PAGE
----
Wednesday, September 8, 2010

Steve visits Fort Drum (the "Concrete battleship"

There are a few things that I (Steve) have hoped to do for many years. Probably my biggest dream is to fly over Corregidor (the once formidable Fort Mills) to see it from the air and to take photographs. I have also hoped to explore Caballo Island (Fort Hughes), El Fraile Island (Fort Drum), and Carabao Island (Fort Frank).

Last November Marcia and I went to Carabao with Karl and John, but when we got there, only Karl was brave (or crazy) enough to climb beneath the massive wall during the heavy seas. Caballo Island is closest to Corregidor but has been restricted because it is an arsenal with tons of bombs from WWII awaiting proper disposal, so it is almost always off limits to visitors. The closest we ever got was when an exception was made for the family of Wes Shoop in April, 2007 so that they could try to locate the site of his uncle’s remains. Our banca landed at the Caballo dock long enough to let the Shoops and their guides disembark, but only their group was allowed on the island. We have ridden around Fort Drum numerous times but have never set foot on the massive structure, nicknamed the “Concrete Battleship” because essentially that is exactly what it is, the only one of its kind in the world. I recommend searching the internet for specific information if you wish to know more about this fascinating fortification after reading this newsletter.

One reason that we have not set foot on Fort Drum has been that whenever we have had the opportunity, usually when guests here have wanted to go onto the island, the waves have been too rough. It is safe only when it is quite calm and it is also best to go during high tide. The extra five feet can make quite a difference in disembarking and returning to the banca. Banceros have to be careful that their boats are not smashed against the unforgiving concrete walls. We have heard stories of explorers getting onto the structure only to be stuck there for several hours, and even overnight, before they could be retrieved. So, adventurers must keep an eye out for a morning when calm wind and high tide coincide. When we have sailed around Fort Drum with our April guests we have had trips with seas almost as smooth as glass, while in 2008 it was an up-and-down experience that left all of us wet and the men in the front absolutely soaked. Fortunately no one got seasick. The point is, predicting what day or month that sea and wind will be calm is not a simple matter.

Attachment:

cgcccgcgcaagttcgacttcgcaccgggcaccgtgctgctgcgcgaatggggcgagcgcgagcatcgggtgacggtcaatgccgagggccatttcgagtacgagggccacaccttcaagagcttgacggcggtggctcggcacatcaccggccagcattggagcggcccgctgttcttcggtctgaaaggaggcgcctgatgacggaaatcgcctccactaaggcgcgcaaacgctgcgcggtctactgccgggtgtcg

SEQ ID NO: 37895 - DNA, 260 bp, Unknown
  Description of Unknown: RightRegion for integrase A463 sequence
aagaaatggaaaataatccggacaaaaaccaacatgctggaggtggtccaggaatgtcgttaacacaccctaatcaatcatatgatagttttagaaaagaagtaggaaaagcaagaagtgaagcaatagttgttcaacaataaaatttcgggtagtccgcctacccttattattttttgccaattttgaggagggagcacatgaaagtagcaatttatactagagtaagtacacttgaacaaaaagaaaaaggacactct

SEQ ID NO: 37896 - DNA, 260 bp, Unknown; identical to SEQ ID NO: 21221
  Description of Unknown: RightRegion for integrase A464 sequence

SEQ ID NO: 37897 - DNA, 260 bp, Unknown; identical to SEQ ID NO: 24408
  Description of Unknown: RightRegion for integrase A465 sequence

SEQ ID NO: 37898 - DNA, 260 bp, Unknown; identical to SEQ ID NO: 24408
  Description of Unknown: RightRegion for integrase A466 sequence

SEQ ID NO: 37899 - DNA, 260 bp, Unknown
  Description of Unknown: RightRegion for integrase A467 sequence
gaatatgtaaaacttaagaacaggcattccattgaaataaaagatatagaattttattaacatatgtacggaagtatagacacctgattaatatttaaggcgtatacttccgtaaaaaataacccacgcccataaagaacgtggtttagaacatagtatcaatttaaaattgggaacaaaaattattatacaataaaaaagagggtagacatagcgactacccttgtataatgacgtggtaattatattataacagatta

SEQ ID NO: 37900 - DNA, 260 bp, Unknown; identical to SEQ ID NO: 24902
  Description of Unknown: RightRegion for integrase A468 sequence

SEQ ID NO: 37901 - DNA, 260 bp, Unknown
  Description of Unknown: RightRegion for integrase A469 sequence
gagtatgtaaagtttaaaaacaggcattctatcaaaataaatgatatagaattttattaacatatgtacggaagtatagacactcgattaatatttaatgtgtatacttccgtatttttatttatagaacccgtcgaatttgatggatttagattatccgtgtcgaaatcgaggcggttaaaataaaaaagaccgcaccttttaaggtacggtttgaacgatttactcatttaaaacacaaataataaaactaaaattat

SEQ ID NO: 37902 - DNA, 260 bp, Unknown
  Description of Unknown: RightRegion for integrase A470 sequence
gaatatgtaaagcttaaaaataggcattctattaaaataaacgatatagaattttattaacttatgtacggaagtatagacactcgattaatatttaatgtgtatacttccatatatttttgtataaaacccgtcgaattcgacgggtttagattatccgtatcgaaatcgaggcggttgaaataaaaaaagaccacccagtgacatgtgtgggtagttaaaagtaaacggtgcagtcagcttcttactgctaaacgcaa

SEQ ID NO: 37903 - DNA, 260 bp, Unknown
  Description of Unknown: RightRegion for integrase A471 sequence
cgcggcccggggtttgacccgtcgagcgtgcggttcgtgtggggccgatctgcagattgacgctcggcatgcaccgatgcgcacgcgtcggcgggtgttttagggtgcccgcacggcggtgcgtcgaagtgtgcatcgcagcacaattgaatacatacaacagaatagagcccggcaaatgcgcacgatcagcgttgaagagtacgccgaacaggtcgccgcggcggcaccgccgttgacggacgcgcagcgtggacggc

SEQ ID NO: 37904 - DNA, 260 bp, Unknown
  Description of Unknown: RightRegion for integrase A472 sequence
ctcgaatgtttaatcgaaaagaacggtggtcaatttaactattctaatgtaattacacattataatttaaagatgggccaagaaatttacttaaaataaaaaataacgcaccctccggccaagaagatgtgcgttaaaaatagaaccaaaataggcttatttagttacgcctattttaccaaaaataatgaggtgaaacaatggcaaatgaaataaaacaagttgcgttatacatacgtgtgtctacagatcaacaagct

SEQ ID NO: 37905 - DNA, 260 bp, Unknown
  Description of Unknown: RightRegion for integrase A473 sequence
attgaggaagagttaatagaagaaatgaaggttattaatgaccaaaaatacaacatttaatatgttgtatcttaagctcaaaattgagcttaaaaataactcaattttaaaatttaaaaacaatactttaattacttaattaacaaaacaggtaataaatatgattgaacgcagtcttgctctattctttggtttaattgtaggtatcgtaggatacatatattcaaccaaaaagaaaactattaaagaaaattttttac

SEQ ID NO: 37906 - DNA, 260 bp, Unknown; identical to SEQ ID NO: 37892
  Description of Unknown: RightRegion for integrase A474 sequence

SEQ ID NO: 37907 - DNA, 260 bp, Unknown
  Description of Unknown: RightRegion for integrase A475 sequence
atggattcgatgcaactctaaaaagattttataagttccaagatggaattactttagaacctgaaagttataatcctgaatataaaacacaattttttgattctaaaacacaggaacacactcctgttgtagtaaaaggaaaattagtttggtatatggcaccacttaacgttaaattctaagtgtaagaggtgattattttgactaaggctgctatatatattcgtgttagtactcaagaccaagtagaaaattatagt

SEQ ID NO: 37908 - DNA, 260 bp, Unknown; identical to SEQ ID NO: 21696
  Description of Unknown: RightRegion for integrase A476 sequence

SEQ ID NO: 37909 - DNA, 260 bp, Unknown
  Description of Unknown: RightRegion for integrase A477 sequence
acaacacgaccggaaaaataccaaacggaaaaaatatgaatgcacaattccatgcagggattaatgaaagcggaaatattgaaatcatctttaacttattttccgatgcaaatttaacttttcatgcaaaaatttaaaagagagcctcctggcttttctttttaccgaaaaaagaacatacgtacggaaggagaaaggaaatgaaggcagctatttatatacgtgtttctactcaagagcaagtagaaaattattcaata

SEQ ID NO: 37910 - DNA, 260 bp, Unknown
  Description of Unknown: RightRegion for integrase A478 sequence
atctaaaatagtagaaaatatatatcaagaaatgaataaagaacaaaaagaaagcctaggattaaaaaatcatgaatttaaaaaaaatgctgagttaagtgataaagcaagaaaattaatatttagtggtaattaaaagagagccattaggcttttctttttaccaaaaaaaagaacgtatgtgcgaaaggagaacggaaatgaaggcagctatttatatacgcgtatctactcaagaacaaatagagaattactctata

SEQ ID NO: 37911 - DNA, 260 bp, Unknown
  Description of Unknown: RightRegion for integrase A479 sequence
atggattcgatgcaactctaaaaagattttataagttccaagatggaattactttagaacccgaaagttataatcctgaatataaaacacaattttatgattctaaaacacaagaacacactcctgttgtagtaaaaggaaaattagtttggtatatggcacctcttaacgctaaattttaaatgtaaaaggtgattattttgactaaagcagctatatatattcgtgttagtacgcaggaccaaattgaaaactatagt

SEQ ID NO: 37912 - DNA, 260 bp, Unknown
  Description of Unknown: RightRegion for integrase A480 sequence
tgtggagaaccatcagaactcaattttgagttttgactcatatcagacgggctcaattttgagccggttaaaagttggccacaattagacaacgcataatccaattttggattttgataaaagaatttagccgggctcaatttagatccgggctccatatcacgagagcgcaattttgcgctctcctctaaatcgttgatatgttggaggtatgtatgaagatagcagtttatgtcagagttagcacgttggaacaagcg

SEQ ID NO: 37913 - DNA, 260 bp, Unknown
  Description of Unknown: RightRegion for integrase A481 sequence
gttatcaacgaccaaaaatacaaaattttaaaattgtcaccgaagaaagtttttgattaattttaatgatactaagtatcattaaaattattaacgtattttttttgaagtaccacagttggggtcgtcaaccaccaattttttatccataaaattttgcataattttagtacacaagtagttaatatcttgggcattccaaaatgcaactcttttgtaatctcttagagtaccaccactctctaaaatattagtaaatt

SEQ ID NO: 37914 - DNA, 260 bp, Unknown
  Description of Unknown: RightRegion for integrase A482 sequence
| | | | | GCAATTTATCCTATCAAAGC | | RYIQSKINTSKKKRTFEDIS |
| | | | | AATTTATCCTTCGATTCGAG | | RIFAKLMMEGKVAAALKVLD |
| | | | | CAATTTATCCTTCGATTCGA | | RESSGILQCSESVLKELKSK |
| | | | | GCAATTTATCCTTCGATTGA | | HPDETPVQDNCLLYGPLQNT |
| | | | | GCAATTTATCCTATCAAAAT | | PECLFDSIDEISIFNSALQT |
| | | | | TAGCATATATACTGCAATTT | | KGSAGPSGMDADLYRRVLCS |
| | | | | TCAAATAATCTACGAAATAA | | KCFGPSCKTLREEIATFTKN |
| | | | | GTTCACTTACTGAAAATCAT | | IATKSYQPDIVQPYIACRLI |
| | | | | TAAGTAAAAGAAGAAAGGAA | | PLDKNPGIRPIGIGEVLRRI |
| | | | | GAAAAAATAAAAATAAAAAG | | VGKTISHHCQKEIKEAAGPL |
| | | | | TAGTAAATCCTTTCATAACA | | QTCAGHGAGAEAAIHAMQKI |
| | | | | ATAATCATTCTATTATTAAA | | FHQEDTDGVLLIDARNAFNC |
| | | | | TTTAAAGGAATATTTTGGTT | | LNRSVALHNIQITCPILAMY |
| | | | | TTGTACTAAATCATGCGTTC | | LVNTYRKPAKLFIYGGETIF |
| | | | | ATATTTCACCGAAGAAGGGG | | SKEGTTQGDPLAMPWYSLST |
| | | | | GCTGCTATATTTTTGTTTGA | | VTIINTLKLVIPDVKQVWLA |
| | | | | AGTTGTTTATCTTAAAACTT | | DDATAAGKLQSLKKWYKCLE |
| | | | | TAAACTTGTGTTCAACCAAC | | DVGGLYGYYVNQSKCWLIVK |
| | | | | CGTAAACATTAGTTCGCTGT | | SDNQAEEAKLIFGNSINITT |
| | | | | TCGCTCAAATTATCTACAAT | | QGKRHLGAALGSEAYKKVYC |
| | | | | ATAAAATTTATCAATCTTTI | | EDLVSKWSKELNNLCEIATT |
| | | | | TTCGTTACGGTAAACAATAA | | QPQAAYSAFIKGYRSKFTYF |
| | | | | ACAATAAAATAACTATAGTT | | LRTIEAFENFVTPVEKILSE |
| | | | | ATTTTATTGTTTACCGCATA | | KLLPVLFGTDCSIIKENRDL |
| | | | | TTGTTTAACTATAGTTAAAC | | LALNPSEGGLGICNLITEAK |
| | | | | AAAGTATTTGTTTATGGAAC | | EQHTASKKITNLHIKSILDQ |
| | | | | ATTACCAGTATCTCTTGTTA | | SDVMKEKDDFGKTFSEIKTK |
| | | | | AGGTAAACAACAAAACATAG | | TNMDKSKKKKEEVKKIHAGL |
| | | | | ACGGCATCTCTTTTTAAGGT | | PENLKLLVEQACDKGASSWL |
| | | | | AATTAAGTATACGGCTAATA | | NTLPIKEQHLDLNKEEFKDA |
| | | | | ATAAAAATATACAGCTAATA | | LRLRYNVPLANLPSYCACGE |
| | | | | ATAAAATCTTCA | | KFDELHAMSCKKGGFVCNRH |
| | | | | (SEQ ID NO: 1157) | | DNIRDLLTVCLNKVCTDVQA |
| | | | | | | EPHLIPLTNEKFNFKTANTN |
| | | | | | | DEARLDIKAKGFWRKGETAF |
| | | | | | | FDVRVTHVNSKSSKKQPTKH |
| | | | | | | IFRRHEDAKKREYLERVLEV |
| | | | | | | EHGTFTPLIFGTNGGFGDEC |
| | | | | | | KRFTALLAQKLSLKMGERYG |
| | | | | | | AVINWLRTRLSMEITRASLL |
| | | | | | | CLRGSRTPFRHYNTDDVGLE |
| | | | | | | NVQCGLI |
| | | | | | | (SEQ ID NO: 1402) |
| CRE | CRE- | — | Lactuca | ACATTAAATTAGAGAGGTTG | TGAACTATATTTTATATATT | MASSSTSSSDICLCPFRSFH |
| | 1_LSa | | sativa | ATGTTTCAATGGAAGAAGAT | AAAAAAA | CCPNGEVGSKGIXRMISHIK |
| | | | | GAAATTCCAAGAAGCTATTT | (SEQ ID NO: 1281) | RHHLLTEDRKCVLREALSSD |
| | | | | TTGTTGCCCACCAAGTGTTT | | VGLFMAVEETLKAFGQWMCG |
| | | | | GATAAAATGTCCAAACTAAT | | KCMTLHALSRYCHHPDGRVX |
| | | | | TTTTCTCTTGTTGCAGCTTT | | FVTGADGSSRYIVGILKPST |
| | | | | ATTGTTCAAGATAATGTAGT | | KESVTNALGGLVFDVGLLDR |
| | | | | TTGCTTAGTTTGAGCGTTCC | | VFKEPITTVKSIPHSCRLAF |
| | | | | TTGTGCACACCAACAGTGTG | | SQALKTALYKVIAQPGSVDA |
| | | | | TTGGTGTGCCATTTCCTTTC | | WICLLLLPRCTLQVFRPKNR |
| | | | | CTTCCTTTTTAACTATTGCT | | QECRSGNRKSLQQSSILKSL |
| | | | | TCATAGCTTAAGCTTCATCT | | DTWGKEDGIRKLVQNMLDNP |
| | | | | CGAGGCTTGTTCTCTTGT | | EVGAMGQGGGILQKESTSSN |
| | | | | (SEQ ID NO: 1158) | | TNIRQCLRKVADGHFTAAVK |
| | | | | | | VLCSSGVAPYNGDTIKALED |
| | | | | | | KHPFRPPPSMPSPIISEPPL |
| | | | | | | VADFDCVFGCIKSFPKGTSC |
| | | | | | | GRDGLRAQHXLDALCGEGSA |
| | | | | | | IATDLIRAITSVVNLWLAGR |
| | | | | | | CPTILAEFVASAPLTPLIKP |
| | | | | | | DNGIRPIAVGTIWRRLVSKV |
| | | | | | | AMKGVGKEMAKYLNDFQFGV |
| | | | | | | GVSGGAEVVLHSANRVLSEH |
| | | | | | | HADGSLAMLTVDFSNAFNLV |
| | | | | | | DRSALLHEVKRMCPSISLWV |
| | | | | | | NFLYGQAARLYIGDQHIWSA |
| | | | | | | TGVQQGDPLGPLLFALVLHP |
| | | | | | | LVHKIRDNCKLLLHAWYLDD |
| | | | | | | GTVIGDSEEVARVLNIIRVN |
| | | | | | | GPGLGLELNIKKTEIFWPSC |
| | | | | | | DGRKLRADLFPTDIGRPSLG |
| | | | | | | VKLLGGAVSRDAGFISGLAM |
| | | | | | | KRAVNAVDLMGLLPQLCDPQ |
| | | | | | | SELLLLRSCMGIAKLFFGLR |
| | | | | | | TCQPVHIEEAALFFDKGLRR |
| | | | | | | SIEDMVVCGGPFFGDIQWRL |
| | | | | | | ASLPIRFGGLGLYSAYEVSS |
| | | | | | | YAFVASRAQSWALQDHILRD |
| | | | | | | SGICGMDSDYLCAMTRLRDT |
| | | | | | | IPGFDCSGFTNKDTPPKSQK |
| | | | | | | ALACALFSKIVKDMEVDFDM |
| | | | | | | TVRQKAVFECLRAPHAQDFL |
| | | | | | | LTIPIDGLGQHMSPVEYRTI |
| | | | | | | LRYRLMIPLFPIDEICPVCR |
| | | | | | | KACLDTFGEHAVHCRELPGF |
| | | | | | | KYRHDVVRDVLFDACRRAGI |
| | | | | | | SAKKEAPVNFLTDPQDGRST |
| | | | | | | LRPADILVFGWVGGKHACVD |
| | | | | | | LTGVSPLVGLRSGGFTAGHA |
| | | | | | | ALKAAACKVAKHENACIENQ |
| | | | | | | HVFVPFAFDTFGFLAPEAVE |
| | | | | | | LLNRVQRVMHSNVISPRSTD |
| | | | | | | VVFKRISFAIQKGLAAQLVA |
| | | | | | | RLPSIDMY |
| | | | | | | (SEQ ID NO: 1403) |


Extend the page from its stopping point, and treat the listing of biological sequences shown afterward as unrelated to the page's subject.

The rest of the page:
However, the first several days of September were exceptionally calm during the mornings, with minimal winds until well after noon each day. I remember my father saying that the rains in rainy season were so predictable on Corregidor that you could set your watch by them. We have not experienced that, although we have not spent any time here in July yet, and maybe that is when the phenomenon can occur. In any case, having observed nearly a week of calm mornings, I decided that now may be the time to get on board Fort Drum.